The girl stopped and looked down the cross street, and he got a good look at her face.  Beautiful.  Like a model.  Or maybe all French girls look like that.
He followed.  Other people caught his attention.  No, not all French people were beautiful, but even the old men looked thin, like they ate less.
After a couple of blocks, it seemed he had to walk faster to keep up with her.  The streets were a maze of unfamiliar names, yet dotted with familiar logos or signs. 
Across the street, he saw a Shell Oil station, but it was just a hole-in-the-wall storefront in the middle of the block, with a couple of pumps at the curb in among the trees.
When he looked back for the girl, she was gone.
James trotted ahead, and then paused at the intersection.  No sign of her in any direction.
The Eiffel tower was glowing like it was covered in Christmas lights, off in the distance.
He just stood there, beginning to wonder why he was even following her.  
I’m in Paris, with no idea how to get back.
Was lunchtime over?  His watch was blinking the seconds, waiting for an adjustment.  If he touched another button, what would happen next?  He tried to remember what he had set as the options, back then.
He had to try something.  He looked in all directions down the lanes and then moved between two trees.
All of the locations had been on one button.  He remembered that much.  He pressed ADJUST.
From the shadows of a doorway across the street, the girl watched as the man who had been following her went transparent and then fell into nothingness.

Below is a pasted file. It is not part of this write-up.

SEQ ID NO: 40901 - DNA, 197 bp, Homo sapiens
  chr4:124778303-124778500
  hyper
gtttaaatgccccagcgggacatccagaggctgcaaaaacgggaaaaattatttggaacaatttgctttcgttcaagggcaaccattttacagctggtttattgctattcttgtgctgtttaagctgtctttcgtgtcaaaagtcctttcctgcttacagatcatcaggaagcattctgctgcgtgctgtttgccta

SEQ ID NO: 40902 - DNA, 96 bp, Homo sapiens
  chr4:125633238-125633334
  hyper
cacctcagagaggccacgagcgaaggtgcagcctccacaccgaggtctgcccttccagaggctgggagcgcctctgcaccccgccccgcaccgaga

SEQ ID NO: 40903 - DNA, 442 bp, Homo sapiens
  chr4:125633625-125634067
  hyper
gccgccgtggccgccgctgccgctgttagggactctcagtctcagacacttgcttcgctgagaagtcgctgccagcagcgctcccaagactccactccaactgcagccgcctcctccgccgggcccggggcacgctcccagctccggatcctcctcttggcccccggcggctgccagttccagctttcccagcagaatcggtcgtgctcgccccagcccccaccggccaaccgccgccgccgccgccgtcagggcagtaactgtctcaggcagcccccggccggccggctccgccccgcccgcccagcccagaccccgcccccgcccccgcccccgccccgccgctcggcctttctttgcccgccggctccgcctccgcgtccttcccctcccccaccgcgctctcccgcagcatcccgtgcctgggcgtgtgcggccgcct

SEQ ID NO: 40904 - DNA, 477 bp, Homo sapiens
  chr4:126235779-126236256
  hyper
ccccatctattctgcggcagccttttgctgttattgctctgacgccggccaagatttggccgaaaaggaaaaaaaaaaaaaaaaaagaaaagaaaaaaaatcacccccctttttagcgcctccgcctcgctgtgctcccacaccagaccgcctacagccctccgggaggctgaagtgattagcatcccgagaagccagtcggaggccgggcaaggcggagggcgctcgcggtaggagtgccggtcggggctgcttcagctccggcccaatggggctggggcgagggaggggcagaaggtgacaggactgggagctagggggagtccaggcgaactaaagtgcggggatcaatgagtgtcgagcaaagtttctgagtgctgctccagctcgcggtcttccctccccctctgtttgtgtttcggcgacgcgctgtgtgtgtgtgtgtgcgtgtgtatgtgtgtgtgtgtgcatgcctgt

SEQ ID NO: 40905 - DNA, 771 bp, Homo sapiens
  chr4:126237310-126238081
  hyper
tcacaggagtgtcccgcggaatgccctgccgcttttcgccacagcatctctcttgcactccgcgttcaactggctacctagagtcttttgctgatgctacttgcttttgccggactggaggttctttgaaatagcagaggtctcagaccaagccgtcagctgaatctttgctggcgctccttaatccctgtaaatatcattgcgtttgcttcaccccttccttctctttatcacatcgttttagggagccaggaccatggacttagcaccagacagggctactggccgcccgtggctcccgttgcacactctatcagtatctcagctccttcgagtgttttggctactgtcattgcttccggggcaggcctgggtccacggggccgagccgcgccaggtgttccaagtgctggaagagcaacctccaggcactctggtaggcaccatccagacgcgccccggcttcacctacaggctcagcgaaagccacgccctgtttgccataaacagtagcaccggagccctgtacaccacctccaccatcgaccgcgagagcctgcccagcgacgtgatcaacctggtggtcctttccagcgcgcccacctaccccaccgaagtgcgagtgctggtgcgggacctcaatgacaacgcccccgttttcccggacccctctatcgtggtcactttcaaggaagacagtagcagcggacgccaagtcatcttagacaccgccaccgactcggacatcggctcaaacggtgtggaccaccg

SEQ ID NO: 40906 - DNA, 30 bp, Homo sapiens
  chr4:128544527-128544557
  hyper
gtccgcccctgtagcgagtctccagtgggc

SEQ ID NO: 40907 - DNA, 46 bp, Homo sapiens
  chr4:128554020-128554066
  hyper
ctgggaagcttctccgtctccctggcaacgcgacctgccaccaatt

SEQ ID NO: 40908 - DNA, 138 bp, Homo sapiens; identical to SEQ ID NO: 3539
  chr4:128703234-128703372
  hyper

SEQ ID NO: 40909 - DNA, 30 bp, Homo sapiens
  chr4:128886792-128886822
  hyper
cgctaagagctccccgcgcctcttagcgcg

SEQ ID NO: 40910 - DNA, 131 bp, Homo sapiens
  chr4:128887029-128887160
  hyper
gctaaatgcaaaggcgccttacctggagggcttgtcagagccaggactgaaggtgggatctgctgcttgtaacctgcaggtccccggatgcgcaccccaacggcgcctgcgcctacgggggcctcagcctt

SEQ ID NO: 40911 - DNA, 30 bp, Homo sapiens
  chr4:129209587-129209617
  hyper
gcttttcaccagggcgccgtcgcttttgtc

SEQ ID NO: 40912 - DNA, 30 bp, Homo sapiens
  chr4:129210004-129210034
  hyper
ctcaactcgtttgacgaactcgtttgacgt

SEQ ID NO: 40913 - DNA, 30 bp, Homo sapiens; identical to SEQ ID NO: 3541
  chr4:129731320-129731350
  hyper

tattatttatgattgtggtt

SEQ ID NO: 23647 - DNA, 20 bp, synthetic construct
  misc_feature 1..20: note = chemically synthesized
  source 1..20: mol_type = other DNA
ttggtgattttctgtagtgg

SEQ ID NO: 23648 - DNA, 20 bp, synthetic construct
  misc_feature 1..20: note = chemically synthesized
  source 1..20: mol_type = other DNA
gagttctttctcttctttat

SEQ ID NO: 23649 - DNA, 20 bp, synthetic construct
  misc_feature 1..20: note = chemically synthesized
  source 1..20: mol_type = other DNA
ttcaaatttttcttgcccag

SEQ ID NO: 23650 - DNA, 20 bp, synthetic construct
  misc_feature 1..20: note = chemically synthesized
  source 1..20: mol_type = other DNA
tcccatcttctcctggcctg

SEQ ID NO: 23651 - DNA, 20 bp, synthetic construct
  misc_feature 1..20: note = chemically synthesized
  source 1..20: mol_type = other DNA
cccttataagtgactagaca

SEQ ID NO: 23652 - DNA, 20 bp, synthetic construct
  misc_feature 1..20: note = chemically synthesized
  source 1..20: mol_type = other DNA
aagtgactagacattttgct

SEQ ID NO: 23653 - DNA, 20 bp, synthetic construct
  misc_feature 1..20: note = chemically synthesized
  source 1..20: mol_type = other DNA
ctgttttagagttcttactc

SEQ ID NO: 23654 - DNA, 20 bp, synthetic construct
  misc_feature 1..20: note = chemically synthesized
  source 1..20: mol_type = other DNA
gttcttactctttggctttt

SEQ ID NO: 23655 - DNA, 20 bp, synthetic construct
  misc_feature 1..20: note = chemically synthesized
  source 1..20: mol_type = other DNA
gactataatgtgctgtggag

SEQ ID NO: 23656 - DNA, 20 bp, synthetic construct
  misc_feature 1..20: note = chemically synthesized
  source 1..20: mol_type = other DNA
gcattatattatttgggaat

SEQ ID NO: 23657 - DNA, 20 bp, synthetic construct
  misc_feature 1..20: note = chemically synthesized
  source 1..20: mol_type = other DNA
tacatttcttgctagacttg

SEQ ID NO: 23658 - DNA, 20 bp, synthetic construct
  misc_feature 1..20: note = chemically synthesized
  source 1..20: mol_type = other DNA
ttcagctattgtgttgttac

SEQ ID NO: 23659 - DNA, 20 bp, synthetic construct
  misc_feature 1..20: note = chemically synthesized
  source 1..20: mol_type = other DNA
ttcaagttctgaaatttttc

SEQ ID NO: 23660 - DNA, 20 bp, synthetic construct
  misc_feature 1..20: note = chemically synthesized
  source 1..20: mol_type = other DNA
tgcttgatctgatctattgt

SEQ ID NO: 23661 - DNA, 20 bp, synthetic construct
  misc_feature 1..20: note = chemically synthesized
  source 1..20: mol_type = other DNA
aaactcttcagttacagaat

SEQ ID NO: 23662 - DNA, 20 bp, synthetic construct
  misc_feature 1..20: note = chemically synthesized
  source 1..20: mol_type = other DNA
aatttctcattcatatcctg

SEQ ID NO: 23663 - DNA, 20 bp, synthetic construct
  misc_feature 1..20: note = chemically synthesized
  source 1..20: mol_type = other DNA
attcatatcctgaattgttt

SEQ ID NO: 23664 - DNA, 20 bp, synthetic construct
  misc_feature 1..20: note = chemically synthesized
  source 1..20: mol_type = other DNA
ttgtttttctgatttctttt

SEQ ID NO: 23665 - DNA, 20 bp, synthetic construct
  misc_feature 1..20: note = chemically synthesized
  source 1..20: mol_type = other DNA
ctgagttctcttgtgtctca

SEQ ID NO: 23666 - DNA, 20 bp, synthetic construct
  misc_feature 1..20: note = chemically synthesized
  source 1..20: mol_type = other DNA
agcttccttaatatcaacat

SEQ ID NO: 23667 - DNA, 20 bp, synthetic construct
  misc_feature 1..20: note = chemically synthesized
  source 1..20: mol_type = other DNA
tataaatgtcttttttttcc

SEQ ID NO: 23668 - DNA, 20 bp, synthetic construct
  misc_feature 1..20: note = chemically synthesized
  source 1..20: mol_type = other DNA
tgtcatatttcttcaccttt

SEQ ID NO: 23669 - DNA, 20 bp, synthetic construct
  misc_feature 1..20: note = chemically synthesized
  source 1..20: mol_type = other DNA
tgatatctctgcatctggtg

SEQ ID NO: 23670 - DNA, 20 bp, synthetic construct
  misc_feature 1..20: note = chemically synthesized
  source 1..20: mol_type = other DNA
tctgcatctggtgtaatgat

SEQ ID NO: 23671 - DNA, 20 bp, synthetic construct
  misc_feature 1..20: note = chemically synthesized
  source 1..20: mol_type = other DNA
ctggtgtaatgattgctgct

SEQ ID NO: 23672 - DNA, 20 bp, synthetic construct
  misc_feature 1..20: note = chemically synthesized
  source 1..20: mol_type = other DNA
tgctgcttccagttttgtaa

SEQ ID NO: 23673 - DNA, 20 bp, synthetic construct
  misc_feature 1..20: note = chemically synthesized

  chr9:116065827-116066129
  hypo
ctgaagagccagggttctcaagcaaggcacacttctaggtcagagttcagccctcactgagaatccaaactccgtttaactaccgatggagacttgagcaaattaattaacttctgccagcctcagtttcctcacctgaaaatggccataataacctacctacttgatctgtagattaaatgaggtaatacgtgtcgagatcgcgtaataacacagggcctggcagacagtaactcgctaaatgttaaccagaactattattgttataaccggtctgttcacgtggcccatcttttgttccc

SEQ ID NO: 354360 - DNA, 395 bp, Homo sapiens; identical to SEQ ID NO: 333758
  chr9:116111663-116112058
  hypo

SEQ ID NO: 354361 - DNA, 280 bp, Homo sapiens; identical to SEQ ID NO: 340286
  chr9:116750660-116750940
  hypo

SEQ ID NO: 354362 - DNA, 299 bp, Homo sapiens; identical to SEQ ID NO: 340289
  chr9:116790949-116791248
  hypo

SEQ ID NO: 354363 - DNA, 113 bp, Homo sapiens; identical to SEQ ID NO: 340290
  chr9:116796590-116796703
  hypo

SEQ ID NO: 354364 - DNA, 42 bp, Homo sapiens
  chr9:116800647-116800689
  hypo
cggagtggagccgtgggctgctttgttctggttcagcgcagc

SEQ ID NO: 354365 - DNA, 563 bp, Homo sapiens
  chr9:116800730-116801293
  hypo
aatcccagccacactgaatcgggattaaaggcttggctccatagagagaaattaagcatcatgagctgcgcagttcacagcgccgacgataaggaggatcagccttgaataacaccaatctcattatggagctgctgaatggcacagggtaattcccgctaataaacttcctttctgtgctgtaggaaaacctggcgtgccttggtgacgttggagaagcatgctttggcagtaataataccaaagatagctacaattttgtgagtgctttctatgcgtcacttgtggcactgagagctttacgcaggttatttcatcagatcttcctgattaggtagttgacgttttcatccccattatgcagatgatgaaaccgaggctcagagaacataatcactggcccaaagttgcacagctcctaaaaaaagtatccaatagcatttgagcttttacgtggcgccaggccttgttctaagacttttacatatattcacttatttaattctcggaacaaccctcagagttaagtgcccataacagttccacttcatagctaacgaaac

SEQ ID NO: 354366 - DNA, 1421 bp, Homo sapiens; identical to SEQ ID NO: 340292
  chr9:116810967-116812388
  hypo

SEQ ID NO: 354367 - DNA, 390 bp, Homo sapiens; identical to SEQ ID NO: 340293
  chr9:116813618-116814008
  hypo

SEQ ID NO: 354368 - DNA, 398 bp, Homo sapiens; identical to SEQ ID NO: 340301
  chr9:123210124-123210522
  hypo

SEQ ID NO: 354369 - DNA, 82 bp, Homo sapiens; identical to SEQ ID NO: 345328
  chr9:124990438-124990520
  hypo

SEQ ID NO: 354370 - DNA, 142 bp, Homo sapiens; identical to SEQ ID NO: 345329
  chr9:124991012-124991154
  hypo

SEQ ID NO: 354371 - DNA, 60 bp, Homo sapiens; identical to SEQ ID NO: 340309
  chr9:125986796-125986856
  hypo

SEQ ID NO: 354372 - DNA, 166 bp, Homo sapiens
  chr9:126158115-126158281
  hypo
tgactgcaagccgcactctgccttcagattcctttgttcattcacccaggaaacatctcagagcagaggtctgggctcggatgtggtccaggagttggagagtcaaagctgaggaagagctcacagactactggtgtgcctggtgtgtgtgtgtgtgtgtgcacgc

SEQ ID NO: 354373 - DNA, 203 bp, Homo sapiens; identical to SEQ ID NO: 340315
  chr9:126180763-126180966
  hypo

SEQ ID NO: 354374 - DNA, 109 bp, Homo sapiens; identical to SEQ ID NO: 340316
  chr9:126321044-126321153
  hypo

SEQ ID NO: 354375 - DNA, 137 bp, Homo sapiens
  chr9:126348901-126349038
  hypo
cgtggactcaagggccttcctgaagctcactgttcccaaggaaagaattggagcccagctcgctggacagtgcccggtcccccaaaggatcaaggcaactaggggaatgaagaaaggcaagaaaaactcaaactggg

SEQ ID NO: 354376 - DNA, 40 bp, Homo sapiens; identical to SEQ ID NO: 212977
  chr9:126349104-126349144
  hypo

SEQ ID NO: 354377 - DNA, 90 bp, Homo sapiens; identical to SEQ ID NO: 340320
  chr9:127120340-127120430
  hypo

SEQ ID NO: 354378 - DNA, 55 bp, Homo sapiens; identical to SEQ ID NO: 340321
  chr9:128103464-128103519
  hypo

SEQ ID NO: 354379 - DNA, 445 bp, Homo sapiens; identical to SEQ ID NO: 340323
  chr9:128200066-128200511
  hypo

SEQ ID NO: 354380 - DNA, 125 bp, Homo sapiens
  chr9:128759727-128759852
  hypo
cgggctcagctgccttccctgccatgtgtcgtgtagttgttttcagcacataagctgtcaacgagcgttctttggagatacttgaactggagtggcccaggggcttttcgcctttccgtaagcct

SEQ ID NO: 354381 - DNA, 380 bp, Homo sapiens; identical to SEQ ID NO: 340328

“Hello Rudy.  How’s life in the international set?”
“Hi, Jay.  It looks like I’m off to a running start.  I just got tagged to investigate the Emperor.”
FBI Agent Jay Russo shook his head in sympathy.  “I told you not to go.”
“Oh, but this way I get to come back and pester you for answers.”
“Rudy, it was you who told me Interpol was just a big database.  So where’s the data?”
“It’s gotta come from you guys originally.
“Seriously,” Rudy lowered his voice.  “The noise up the line is that nobody knows anything.  They aren’t even sure what to put on the Blue Notice.”
“What’s a Blue Notice?”
“A request for information—like what the perpetrator’s true identity is—things like that.  We spread the net wide, and then feed everything into the ICIS database.  You get the results after it churns a bit.  I’m the guy who gives it to you.”
Jay looked at him speculatively.  “Me personally, or the FBI?”
Rudy smiled.  “Is there a reason you ask?”